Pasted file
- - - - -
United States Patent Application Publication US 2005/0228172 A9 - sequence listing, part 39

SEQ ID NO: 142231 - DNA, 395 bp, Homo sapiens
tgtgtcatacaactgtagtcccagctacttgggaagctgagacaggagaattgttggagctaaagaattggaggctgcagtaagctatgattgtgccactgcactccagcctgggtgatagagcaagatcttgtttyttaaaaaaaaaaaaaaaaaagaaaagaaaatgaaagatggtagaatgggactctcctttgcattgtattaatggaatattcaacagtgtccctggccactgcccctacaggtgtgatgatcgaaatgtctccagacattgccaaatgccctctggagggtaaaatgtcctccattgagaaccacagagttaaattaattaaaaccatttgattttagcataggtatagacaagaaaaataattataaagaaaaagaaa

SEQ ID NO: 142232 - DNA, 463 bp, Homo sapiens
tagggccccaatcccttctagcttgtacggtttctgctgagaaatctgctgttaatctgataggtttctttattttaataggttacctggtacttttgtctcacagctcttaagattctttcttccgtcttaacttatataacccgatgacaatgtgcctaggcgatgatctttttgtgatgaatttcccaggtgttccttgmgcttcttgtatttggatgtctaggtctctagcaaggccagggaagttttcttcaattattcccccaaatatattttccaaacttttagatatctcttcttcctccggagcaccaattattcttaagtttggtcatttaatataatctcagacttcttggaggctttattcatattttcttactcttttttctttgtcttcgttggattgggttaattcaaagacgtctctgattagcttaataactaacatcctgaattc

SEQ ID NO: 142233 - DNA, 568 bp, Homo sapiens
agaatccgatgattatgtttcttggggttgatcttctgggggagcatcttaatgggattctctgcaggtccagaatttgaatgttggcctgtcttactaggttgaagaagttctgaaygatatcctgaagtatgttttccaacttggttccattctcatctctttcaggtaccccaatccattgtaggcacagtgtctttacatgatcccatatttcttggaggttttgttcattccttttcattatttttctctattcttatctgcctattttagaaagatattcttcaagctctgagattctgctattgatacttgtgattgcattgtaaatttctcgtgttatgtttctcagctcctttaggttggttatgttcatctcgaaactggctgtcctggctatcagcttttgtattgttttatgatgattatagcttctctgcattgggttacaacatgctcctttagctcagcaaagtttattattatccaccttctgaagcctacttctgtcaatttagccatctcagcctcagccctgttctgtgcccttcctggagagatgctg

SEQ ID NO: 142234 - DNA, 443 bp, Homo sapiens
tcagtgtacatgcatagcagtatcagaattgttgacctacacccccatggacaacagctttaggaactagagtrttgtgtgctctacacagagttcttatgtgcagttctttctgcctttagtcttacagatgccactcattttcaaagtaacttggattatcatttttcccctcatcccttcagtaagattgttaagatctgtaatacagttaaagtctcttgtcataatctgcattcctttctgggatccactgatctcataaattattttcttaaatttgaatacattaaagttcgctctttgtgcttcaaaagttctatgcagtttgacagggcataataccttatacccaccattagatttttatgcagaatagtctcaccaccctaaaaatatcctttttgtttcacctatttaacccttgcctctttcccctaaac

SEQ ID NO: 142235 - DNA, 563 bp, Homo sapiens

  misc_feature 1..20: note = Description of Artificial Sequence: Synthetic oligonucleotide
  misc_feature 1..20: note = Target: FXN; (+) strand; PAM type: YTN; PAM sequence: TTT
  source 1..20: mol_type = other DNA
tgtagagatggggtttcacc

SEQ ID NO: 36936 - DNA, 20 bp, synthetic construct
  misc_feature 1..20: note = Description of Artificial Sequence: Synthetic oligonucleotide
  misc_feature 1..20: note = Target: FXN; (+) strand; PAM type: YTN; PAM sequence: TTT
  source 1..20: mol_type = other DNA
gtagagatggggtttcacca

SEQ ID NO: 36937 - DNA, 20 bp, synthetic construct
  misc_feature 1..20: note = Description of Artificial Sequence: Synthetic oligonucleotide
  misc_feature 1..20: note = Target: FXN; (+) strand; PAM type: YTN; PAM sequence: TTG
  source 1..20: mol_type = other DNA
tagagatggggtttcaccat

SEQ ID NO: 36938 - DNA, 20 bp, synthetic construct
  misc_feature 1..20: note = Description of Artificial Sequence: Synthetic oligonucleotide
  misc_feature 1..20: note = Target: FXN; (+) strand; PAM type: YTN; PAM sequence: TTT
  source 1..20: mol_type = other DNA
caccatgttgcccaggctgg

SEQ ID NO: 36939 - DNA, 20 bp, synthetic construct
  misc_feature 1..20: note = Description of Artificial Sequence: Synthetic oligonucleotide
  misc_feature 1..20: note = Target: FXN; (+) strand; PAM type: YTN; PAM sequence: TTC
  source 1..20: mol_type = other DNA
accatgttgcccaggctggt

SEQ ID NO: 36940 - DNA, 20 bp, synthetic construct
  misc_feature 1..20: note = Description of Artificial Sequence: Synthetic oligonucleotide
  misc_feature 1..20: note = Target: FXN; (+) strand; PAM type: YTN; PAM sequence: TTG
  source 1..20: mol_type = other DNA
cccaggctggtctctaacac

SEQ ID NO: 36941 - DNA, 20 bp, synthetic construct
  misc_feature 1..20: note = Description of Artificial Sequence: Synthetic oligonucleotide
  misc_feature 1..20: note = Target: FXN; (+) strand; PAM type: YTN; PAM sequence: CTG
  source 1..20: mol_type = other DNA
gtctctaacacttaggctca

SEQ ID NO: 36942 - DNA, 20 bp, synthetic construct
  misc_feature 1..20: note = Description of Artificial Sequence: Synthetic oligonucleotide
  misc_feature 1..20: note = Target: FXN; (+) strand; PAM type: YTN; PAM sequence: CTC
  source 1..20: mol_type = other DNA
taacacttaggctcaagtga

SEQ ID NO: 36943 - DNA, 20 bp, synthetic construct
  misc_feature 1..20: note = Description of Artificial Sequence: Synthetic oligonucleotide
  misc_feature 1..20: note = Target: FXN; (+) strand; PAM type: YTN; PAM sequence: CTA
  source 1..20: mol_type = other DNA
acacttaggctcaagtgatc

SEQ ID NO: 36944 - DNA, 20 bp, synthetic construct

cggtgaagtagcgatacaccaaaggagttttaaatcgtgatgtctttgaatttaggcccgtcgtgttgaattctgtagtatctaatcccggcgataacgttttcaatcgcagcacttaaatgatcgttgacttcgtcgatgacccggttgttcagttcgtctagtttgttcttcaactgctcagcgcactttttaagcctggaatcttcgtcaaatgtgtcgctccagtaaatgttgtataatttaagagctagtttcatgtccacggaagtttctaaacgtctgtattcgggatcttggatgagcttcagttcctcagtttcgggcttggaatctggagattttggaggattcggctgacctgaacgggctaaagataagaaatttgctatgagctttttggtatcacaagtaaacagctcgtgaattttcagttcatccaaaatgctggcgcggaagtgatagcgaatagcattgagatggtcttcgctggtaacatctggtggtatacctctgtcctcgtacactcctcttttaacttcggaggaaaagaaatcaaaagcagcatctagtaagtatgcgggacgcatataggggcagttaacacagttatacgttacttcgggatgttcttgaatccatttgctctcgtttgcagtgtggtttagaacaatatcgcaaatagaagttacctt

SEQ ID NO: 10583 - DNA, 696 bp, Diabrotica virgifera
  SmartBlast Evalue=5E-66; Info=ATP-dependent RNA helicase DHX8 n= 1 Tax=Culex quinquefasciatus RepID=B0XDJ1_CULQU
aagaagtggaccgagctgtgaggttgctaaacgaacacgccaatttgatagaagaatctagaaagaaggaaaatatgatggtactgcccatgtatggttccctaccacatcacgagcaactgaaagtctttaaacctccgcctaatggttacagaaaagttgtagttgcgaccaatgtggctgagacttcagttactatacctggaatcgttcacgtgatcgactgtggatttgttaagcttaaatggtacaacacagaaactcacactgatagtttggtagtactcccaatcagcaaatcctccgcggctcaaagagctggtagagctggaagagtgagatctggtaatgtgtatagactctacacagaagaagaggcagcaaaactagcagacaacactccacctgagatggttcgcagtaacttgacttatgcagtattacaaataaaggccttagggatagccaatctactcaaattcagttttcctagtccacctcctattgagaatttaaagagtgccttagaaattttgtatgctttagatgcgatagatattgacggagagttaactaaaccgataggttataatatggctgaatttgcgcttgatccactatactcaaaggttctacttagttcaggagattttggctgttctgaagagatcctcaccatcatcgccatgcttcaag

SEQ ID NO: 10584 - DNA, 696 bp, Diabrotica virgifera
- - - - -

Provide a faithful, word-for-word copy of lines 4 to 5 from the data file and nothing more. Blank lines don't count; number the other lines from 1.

SEQ ID NO: 142232 - DNA, 463 bp, Homo sapiens
tagggccccaatcccttctagcttgtacggtttctgctgagaaatctgctgttaatctgataggtttctttattttaataggttacctggtacttttgtctcacagctcttaagattctttcttccgtcttaacttatataacccgatgacaatgtgcctaggcgatgatctttttgtgatgaatttcccaggtgttccttgmgcttcttgtatttggatgtctaggtctctagcaaggccagggaagttttcttcaattattcccccaaatatattttccaaacttttagatatctcttcttcctccggagcaccaattattcttaagtttggtcatttaatataatctcagacttcttggaggctttattcatattttcttactcttttttctttgtcttcgttggattgggttaattcaaagacgtctctgattagcttaataactaacatcctgaattc